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Sunday, 18 September 2016

Ted gets hedgy



… and I don’t mean hedge fund … oh wait maybe I do. Autumn came visiting this week – actually make that “crash landed” on London from a great height. One day we’re basking in 29 degrees Celsius (84F) and the next day the mercury had plummeted to 19 (65). As I shivered in my summer clothing for lack of checking the weather forecast, I cheered myself by thinking “but Ted Autumn is your favourite season when natures bounties quite literally fall at our feet and all we need do is bend down and pick them up".

A stalwart of the English countryside “hedgerows” are rows of closely planted trees and shrubs that in the past were a means of marking boundaries and keeping livestock in or out of fields. Nowadays they still perform that function, are important in the battle against erosion, and provide habitats for wildlife.  They also contain plants that yield up their seasonal goodies like sloes, plums that are best either cooked or steeped in gin or vodka for a lovely winter tipple. Popular in hedgerows and also cultivated, mostly in Kent, the Cobnut is a member of the hazelnut family and was introduced to Britain by the Romans.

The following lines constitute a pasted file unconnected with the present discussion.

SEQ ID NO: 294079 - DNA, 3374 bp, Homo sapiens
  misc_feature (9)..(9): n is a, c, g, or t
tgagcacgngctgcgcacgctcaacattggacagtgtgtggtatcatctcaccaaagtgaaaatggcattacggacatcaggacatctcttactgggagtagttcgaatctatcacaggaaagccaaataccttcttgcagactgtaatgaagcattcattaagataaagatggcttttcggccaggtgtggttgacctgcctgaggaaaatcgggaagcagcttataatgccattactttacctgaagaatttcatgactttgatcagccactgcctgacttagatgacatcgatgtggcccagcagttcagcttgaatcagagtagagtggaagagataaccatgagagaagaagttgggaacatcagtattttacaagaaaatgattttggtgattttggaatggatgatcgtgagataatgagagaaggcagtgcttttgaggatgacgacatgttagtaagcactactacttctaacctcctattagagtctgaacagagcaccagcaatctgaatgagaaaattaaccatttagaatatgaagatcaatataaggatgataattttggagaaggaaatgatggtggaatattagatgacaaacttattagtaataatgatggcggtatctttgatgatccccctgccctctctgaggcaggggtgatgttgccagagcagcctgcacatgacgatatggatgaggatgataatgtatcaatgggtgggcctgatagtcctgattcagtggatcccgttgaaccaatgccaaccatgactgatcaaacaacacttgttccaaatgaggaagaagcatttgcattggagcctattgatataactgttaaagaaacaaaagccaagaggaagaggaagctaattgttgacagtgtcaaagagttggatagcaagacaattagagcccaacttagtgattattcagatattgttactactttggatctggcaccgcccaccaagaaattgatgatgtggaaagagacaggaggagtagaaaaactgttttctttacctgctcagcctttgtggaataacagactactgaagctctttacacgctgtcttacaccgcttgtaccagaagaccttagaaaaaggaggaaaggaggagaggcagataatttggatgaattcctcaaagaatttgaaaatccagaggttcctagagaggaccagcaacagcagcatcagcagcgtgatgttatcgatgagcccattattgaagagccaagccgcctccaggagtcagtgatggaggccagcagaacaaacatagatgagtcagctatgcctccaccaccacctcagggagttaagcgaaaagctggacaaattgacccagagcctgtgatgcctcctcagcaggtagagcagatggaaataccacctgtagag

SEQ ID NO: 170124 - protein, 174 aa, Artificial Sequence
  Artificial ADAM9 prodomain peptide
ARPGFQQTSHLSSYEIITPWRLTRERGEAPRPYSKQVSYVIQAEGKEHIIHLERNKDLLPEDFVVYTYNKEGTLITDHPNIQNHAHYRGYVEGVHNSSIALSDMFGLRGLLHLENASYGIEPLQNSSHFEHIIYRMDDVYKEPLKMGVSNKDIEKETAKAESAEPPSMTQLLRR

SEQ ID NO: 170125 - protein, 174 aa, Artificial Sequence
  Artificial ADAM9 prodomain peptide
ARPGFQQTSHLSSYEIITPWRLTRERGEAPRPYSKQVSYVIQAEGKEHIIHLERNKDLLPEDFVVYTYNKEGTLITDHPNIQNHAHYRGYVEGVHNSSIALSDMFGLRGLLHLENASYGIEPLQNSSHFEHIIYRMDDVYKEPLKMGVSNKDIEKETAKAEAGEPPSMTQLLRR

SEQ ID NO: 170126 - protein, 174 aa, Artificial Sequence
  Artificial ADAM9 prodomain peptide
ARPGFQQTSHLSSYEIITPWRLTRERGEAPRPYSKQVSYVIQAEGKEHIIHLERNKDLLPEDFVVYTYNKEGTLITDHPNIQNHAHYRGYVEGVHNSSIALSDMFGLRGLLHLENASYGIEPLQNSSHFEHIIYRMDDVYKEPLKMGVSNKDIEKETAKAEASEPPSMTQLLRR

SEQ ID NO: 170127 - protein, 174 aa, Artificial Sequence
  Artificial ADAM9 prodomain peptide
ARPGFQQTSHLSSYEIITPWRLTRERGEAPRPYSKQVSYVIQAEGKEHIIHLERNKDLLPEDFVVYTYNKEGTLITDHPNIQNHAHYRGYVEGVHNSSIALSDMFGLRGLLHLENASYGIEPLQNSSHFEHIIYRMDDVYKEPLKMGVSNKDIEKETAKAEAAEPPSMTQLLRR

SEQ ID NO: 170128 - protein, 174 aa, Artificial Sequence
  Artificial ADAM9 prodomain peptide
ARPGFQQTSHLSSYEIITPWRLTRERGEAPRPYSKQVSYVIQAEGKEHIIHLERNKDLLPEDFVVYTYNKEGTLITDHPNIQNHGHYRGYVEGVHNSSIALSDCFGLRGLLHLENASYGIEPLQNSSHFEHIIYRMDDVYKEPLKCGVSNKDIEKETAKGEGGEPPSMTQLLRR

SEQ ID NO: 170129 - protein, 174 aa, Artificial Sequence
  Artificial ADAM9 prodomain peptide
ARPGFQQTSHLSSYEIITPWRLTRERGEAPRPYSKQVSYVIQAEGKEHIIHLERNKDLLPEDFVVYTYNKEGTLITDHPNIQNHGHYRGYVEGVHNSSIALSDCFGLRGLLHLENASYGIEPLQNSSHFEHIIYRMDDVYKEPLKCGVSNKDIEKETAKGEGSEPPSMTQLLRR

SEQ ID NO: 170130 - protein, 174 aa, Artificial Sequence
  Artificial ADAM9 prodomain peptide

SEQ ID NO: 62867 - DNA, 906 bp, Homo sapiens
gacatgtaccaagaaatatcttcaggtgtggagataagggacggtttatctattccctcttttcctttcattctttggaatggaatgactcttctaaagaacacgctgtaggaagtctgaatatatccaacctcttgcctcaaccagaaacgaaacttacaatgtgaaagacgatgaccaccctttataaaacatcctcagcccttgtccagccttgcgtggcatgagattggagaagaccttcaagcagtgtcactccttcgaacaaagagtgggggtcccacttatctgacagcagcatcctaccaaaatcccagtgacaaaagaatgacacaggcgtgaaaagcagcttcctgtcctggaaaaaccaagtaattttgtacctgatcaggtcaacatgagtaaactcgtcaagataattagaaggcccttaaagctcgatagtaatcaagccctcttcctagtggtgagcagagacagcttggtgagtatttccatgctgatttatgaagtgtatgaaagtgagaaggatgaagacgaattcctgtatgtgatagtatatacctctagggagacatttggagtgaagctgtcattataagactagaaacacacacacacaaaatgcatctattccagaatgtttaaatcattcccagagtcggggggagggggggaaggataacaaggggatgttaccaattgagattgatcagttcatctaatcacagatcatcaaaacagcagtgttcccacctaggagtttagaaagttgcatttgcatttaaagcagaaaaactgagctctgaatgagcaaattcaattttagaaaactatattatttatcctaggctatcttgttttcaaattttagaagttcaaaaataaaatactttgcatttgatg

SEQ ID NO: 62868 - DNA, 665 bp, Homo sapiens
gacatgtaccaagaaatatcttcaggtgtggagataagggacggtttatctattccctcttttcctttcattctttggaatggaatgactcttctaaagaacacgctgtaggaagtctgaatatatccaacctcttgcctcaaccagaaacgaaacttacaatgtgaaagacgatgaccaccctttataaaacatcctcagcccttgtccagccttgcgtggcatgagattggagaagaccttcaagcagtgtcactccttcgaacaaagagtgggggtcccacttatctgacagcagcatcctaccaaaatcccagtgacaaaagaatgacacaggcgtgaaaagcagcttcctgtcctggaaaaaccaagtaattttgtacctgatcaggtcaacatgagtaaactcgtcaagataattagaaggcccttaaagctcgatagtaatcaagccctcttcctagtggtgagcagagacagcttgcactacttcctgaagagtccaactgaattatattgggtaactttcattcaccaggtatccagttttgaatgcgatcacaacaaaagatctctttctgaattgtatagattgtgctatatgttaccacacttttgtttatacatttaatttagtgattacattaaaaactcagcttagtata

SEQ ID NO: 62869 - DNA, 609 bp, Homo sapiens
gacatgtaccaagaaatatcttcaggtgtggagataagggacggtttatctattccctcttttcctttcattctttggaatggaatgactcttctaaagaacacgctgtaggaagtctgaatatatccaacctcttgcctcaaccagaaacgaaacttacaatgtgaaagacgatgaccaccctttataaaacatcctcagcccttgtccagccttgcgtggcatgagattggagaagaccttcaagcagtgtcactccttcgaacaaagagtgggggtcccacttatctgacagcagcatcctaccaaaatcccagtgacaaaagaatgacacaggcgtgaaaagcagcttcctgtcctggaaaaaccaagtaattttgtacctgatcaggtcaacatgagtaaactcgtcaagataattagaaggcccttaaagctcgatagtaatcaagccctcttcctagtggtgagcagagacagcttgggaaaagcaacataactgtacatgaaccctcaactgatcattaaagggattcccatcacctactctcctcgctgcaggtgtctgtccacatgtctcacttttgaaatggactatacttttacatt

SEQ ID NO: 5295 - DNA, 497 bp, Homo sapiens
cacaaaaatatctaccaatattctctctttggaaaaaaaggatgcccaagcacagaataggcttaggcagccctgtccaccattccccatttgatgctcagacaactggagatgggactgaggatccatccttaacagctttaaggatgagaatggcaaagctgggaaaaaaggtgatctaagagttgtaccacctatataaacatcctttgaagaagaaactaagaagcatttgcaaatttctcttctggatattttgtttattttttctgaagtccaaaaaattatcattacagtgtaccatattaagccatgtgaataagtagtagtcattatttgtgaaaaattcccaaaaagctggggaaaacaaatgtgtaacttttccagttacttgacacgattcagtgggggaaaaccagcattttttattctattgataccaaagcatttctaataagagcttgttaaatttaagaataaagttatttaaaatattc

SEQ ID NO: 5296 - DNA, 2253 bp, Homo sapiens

They were hugely popular in Victorian times, partly due to the fact that they were planted next to fields in which grew another Kent stalwart, hops for beer brewing, and the working class families that travelled from the cities to pick hops on their holidays quickly discovered the unique and sweet taste of these little nuts.  The rich of the day were not ones for missing out either and hence cobnuts graced the tables in grand country houses and were regarded as a very fine desert indeed. Cobnuts were widely travelled little nuts because they remained fresh inside their husk for months and thus were sent on many a long sea voyage of discovery.

The poor old cobnut gradually fell from favour despite its sweet moist coco nutty like flavour – replaced in the public's favour by imported hazelnuts from Italy and Turkey. Today only about 250 acres of cobnuts are still producing crops commercially, with varieties like Frizzled Filbert, Mereville de Bollwiller (more easily pronounced as Hall’s Giant) Ennis and the ever popular Sicklers Zellenuss.  Popular with who Ted? Well the focus on saving old varieties of all things edible and the resurgence in grow and eat local has certainly seen the Cobnut reappear in good grocery stores and markets for its short season to be discovered anew.

… truly though their number one fan who will stop at nothing for a feast of cobnuts is … yep … the grey squirrel ...

4 comments:

Sharon Anck said...

I've learned something new this morning. I had never heard of cobnuts before. You've described them deliciously.

William Kendall said...

I've never heard of them before either.

Lowcarb team member said...

Very interesting to read this ... thanks

All the best Jan

Jack said...

Now, Ted, go read the Doll's post from tomorrow (I am reading the posts backwards) and see her critique of a natural grassy rooftop environment. You need to talk with her about developing an appreciation for what look like a tangle of weeds but are really rich environments.

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